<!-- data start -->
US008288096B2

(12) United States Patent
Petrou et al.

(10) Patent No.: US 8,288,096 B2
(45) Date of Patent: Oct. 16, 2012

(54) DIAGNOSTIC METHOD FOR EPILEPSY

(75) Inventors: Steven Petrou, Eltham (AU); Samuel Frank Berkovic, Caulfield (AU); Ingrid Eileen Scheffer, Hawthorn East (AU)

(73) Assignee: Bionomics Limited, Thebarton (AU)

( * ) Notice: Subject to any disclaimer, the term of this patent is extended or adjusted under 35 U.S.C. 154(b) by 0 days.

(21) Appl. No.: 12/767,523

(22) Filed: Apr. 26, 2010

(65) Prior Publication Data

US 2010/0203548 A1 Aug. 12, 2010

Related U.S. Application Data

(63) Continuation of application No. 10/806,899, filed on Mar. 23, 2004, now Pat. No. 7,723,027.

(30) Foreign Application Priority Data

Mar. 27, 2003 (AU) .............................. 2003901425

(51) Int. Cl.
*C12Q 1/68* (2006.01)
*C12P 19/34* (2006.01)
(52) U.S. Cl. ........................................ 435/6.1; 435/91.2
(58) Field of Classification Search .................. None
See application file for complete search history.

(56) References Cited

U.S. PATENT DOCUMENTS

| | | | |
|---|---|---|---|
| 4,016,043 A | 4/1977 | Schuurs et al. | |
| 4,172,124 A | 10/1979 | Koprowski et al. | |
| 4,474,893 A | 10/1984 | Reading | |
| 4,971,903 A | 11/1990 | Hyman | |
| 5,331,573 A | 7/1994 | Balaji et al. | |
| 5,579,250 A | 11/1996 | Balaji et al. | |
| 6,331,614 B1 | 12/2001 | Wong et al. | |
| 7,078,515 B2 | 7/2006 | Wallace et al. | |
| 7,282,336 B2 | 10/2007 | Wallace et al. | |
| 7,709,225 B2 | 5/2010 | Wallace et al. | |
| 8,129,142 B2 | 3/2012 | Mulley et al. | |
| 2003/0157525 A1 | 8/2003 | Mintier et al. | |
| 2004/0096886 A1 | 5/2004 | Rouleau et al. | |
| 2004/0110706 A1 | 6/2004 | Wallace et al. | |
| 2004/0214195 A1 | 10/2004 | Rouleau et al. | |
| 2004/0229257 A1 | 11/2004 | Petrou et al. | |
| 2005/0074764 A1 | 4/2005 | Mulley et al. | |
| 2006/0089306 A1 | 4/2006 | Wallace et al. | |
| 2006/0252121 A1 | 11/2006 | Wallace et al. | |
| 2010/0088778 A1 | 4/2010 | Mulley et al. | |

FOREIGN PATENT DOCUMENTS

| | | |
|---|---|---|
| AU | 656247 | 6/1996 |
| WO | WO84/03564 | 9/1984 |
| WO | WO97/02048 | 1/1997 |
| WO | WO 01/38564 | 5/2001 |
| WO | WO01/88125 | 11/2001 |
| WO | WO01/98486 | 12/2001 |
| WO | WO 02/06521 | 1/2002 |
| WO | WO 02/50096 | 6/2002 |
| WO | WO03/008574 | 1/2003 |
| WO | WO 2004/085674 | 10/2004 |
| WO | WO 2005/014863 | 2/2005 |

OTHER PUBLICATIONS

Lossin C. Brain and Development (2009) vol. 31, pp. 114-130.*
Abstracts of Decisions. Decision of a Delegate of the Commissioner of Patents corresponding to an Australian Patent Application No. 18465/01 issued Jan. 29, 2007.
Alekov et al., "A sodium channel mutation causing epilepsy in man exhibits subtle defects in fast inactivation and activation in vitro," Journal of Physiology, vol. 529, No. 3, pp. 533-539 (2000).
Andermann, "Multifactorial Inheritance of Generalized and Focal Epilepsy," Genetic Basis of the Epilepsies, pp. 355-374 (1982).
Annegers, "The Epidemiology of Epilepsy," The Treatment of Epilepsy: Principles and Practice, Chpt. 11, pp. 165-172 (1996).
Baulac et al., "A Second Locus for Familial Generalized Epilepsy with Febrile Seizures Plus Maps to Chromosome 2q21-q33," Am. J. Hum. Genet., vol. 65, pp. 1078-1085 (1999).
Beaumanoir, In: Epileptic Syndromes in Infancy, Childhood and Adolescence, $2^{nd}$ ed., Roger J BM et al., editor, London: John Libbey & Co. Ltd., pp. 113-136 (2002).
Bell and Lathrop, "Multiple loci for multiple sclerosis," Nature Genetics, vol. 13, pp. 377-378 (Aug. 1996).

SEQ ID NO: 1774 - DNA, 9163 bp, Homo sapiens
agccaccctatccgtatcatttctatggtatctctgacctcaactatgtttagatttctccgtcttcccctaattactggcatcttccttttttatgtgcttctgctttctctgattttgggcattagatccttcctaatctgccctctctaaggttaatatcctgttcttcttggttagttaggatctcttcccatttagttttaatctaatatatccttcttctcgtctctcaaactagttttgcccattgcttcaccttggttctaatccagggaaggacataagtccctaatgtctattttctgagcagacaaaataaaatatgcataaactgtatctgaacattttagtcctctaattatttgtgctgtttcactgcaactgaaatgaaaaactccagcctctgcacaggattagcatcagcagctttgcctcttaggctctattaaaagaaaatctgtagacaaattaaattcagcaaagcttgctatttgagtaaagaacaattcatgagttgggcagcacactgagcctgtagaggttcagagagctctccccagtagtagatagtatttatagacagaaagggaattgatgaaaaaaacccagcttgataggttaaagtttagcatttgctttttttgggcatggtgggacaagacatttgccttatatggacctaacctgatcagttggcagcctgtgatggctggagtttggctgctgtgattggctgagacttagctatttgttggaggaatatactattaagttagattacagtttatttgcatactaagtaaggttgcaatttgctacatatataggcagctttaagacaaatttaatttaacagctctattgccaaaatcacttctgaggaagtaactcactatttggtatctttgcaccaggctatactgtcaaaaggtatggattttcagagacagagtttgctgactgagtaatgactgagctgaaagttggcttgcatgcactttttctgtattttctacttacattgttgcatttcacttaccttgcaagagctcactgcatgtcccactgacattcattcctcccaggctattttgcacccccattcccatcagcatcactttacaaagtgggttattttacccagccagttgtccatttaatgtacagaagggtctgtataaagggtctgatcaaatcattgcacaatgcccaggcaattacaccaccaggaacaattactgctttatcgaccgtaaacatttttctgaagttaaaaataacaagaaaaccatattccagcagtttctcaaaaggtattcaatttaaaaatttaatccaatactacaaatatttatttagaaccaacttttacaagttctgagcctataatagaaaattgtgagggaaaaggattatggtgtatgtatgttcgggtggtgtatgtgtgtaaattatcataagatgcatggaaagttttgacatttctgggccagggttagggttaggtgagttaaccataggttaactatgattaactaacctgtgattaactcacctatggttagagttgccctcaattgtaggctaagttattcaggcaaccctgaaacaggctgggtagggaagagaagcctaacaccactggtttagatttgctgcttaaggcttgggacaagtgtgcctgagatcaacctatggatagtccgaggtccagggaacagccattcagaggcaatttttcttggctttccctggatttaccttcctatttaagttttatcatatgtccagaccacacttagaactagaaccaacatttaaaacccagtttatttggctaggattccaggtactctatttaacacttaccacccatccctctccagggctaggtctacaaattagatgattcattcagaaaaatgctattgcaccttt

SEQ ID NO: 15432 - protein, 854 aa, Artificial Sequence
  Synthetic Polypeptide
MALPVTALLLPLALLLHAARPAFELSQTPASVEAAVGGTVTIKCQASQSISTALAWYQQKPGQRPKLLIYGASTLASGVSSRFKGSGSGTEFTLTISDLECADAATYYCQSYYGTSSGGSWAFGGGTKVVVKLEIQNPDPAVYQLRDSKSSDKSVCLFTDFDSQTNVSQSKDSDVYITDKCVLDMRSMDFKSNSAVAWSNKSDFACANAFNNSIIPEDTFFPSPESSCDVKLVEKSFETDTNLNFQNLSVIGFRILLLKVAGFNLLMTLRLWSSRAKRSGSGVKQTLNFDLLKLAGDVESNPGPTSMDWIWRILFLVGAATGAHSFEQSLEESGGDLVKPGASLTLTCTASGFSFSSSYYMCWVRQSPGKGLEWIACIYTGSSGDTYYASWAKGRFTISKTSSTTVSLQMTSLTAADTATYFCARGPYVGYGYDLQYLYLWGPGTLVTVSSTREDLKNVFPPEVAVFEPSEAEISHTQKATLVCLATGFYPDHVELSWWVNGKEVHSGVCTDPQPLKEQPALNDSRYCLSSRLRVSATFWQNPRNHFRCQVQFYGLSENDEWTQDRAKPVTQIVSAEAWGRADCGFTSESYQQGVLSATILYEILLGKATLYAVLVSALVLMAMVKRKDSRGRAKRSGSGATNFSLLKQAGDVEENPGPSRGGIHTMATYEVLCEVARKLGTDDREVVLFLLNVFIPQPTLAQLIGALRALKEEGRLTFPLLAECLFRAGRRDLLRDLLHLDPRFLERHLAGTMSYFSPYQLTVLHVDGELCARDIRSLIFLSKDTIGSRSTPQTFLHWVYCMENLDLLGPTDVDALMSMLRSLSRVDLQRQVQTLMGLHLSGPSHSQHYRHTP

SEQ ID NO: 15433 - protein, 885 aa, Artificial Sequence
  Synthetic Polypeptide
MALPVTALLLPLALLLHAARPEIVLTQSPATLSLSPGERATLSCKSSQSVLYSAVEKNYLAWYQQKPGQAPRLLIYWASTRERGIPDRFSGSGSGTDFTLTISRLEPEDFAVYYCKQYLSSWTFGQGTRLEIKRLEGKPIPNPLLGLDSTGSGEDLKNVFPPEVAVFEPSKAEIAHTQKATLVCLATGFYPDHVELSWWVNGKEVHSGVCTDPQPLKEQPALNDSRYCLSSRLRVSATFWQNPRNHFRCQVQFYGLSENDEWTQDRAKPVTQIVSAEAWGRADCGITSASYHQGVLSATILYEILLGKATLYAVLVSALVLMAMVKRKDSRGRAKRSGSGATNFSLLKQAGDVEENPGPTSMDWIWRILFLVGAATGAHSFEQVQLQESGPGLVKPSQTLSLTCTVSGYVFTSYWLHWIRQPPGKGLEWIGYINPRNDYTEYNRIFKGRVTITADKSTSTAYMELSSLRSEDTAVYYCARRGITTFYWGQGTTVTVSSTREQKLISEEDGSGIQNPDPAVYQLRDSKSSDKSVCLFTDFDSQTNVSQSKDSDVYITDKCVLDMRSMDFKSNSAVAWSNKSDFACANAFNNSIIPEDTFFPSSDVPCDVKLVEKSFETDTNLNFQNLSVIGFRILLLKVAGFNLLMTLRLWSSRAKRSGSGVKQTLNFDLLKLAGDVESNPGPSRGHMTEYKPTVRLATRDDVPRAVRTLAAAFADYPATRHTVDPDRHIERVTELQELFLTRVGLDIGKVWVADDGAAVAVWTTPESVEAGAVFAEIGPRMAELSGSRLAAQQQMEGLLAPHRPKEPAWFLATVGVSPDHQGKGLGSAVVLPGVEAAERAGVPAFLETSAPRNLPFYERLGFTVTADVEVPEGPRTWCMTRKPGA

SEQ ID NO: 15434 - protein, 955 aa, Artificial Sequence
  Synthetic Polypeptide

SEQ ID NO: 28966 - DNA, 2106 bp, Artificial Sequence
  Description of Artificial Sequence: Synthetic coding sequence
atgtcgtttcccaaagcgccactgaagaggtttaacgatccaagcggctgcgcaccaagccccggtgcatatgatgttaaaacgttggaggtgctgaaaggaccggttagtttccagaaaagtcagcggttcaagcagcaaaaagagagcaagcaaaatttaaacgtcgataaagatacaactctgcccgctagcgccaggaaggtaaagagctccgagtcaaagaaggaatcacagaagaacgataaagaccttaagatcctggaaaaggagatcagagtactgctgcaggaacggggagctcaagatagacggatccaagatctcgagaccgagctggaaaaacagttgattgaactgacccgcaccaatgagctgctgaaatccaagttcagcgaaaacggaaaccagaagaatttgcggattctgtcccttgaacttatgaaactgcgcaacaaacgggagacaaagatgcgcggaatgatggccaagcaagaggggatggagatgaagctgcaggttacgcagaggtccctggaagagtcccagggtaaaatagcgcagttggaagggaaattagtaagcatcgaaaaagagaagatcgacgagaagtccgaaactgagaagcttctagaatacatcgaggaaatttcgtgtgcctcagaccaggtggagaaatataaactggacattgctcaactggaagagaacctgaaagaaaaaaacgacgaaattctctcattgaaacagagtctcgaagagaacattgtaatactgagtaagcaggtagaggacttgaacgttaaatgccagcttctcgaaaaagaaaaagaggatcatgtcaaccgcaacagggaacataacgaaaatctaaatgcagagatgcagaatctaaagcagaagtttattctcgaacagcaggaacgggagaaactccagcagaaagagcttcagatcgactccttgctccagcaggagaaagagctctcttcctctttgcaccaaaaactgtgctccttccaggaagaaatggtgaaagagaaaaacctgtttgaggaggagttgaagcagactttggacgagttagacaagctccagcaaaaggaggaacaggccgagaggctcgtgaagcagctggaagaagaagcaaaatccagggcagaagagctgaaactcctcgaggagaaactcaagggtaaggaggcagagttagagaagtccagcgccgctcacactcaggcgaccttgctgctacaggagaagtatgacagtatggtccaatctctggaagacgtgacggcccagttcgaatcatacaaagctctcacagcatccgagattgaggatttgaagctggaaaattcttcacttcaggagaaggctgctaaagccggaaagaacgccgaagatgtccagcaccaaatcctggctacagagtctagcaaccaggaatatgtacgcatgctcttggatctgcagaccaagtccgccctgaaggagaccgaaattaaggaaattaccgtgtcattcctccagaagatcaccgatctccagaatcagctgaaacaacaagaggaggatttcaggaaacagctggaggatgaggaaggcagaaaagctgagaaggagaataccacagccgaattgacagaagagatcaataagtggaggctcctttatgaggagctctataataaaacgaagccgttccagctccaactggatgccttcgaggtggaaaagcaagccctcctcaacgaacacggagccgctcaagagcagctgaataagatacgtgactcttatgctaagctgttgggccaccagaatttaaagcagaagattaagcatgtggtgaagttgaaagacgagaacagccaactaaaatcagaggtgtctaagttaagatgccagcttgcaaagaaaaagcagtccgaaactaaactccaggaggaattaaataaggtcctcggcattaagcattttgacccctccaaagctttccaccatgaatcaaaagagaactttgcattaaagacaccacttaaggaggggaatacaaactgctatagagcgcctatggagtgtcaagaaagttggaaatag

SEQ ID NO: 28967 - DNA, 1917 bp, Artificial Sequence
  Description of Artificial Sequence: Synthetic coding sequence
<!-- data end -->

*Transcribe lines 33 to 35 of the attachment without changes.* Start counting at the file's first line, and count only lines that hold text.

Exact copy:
| 5,579,250 A | 11/1996 | Balaji et al. | |
| 6,331,614 B1 | 12/2001 | Wong et al. | |
| 7,078,515 B2 | 7/2006 | Wallace et al. | |